Everyone uses symbols every day, just as we do ritual. We use them because they communicate quickly. When you see a stop sign, you know that it means, even if you can't read the word "stop." The circle and line mean "don't" or "not allowed." In fact, using symbols is probably the oldest way of communication and the oldest way of teaching. Masonry uses symbols for the same reason. Some form of the "Square and Compasses" is the most widely used and known symbol of Masonry. In one way, this symbol is a kind of trademark for the fraternity, as the "golden arches" are for McDonalds's. When you see the Square and Compasses on a building, you know that Masons meet there. And like all symbols, they have a meaning. The Square symbolizes things of the earth, and it also symbolizes honor, integrity, truthfulness, and the other ways we should relate to this world and the people in it. The Compasses symbolize things of the spirit, and the importance of a well-developed spiritual life, and also the importance of self-control--of keeping ourselves within bounds. The G stands for Geometry, the science which the ancients believed most revealed the glory of God and His works in the heavens, and it also stands for God, Who must be at the center of all our thoughts and of all our efforts. The meanings of most of the other Masonic symbols are obvious. For example, the gavel teaches the importance of self-control and self-discipline. The hour-glass teaches us that time is passing, and we should not put off important decisions.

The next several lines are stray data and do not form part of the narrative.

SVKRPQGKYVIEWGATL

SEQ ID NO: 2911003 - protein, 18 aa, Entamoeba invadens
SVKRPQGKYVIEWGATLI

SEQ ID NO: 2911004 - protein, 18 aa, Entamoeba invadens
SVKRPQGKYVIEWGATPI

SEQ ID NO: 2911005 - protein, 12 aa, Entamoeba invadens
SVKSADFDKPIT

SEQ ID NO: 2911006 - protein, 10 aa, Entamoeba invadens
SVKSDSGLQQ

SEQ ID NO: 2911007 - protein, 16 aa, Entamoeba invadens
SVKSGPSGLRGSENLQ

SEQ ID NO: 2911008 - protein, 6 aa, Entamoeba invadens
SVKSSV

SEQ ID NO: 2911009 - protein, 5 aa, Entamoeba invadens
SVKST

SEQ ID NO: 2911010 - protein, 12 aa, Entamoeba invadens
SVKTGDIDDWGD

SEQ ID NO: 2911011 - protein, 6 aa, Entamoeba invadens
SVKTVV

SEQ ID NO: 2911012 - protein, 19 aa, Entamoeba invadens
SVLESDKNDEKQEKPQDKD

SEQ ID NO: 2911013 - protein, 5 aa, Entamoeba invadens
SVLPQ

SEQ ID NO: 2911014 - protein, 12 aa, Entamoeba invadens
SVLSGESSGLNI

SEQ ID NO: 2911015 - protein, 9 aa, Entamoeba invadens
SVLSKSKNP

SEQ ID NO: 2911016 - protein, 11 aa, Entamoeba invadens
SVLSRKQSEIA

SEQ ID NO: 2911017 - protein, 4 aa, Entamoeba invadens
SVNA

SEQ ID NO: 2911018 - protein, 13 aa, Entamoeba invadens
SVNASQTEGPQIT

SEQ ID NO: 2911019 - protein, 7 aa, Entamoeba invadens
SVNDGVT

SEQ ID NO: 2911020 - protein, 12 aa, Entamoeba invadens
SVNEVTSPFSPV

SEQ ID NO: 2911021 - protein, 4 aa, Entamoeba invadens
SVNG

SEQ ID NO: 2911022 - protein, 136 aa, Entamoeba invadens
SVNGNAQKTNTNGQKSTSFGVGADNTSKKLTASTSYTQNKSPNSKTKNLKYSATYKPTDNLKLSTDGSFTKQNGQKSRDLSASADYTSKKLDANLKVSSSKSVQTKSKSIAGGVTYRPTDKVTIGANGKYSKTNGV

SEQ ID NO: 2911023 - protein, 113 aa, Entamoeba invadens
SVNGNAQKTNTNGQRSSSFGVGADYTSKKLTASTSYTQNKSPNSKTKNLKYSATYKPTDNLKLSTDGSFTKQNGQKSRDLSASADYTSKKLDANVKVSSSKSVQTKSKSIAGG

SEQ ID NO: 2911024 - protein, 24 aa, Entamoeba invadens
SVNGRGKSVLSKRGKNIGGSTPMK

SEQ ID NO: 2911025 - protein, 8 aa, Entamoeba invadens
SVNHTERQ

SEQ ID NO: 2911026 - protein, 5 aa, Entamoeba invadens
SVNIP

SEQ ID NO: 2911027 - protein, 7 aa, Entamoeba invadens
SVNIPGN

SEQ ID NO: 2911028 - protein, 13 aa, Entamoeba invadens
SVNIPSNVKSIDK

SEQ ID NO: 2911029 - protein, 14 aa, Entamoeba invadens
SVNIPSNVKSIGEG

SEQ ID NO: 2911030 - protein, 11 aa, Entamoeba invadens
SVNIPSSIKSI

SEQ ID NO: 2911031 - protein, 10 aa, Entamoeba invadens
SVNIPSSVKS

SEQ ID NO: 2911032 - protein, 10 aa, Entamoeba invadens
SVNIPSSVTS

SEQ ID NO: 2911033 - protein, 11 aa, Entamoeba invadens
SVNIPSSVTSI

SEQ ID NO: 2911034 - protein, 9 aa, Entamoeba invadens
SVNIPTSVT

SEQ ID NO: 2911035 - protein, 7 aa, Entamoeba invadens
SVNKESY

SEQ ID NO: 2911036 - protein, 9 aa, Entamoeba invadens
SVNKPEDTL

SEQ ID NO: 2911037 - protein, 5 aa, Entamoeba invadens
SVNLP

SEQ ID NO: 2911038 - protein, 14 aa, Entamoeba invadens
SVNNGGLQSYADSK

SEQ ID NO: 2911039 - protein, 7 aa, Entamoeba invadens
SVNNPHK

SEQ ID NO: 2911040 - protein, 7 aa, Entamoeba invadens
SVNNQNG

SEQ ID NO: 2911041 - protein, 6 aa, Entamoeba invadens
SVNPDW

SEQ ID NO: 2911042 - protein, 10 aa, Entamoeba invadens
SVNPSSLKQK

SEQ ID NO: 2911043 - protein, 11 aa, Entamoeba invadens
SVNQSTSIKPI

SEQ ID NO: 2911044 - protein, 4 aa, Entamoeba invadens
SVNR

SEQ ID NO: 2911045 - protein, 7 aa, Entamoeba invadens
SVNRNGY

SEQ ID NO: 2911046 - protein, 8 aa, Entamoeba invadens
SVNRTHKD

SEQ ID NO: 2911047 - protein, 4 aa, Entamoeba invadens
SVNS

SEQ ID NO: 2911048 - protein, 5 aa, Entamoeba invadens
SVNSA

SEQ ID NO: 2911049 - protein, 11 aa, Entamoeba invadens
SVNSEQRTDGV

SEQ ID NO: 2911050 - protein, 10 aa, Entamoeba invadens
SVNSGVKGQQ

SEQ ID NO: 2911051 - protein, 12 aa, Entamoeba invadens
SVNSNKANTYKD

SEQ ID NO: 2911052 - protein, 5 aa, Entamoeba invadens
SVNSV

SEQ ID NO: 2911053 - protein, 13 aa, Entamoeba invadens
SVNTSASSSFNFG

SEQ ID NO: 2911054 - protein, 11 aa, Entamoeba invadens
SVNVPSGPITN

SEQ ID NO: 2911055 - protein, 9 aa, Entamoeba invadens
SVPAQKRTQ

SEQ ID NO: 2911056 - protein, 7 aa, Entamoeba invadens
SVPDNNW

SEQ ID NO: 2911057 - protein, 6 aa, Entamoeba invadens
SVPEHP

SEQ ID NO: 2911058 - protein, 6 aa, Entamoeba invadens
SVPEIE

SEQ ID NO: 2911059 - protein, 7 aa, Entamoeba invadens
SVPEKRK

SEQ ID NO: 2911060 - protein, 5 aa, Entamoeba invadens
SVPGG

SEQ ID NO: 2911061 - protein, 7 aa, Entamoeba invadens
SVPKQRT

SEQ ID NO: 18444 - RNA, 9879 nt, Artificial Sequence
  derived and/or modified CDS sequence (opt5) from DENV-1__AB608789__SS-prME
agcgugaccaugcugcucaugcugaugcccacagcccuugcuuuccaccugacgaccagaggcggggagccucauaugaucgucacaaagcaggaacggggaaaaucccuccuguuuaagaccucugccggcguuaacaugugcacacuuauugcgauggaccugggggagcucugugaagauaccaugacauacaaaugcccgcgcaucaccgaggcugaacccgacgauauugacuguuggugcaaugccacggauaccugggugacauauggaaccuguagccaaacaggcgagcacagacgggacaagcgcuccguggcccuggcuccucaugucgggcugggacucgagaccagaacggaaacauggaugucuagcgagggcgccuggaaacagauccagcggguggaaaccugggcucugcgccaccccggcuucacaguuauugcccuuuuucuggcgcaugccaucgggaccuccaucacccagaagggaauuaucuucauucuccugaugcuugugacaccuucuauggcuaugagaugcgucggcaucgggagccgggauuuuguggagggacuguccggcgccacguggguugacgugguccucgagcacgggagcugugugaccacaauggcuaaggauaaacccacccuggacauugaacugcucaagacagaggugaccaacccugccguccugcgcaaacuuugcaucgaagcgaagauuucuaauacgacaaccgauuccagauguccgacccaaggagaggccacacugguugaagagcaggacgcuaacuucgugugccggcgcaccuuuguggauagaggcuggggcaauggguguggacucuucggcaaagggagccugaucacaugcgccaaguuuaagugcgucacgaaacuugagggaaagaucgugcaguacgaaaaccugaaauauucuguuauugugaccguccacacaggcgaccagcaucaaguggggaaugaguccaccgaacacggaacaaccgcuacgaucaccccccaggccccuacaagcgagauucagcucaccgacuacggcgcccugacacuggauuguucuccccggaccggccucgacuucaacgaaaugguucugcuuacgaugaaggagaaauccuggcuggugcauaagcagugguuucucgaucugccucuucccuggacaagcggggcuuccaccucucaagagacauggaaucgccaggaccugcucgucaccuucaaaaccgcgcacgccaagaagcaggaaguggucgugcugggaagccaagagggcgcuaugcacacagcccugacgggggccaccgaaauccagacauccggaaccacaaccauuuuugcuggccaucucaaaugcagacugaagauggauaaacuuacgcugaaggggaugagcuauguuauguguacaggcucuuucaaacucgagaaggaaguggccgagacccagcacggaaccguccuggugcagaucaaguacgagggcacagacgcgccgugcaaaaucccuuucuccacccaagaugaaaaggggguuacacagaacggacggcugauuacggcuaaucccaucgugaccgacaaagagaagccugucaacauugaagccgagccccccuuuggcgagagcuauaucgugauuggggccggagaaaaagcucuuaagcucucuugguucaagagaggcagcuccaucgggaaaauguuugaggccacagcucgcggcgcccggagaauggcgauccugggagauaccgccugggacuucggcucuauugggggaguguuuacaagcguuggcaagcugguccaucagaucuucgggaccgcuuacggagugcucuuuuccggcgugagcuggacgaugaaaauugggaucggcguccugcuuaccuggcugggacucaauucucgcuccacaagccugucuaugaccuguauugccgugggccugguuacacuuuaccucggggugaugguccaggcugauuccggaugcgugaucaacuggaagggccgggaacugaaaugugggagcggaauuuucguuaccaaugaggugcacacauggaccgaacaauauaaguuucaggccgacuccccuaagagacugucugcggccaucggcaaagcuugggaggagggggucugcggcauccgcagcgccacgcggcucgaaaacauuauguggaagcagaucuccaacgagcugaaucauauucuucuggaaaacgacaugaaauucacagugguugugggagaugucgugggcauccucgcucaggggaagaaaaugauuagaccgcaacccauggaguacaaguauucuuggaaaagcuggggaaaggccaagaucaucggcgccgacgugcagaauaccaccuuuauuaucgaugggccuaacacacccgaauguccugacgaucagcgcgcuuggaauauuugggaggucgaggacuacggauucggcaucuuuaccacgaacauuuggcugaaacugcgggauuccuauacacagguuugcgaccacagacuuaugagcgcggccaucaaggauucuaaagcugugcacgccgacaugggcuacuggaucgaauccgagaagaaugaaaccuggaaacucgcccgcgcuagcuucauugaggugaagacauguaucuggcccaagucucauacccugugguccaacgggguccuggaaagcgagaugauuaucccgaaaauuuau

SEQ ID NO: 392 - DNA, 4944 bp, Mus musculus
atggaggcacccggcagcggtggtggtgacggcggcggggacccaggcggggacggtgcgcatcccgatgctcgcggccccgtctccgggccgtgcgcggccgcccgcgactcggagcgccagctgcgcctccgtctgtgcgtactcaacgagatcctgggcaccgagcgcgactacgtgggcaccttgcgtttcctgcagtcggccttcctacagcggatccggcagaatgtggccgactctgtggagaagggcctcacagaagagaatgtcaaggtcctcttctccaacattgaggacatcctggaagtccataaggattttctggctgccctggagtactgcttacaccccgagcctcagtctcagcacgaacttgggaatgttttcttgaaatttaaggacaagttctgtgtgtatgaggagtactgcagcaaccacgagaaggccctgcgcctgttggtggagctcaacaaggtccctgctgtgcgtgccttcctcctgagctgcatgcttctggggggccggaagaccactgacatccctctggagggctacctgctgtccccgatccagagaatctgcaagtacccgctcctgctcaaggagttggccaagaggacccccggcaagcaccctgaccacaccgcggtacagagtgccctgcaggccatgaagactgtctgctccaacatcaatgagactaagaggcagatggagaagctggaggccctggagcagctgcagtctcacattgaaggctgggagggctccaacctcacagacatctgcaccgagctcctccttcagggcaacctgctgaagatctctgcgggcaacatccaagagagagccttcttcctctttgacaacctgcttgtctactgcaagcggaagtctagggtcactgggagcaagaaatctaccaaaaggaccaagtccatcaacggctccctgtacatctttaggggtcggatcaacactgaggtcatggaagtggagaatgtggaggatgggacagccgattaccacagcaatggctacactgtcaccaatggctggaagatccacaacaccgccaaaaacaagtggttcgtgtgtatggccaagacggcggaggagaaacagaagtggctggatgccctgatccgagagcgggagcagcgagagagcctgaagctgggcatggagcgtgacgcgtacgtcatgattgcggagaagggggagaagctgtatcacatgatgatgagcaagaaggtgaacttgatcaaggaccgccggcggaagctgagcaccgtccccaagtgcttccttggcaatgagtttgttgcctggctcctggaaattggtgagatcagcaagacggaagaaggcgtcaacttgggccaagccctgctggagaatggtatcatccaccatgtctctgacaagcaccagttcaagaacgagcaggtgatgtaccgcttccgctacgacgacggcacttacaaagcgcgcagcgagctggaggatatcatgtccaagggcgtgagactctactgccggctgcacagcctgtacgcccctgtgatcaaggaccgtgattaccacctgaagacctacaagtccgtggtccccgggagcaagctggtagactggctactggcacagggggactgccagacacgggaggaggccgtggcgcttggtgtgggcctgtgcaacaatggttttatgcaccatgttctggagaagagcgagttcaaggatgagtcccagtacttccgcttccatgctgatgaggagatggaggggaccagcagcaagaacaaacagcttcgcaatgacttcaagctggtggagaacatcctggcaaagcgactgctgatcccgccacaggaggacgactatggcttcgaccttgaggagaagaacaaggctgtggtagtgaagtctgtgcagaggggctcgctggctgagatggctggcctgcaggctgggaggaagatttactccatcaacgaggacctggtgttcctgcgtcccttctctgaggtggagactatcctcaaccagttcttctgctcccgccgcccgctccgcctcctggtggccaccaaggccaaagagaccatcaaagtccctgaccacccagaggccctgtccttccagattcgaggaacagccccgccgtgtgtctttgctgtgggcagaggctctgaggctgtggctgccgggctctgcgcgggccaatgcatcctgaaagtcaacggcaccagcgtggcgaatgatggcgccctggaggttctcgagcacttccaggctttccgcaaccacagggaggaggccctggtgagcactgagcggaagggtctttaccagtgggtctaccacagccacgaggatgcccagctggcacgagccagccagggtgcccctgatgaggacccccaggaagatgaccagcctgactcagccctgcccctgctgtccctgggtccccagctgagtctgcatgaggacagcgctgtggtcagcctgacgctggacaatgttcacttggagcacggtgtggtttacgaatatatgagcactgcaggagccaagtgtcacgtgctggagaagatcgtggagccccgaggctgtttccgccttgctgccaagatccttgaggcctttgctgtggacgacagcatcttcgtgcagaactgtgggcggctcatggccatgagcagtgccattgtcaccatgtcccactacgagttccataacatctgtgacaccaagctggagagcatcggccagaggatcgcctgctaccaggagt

All information is from the pamphlet What's a Mason? Information obtained from the Masonic Information Center............. 8120 Fenton Street Silver Spring, MD 20910-4785
To obtain copies @ $0.25 each (PPD); 40% discount in lots of 50 or more opies, plus shipping/handling, contact: Masonic Information Center 8120 Fenton Street Silver Spring, MD 20910-4785 Tel (301)588-4010; Fax (301)608-3457
The Masonic Information Center is a division of The Masonic Service Association. The Center was founded in 1993 by a grant from John J. Robinson, well-know author, speaker, and Mason. Its purpose is to provide information on Freemasonry to Masons and non-Masons alike and to respond to critics of Freemasonry. The Center is directed by a Steering committee of distinguished Masons geographically representative of the Craft throughout the United States and Canada.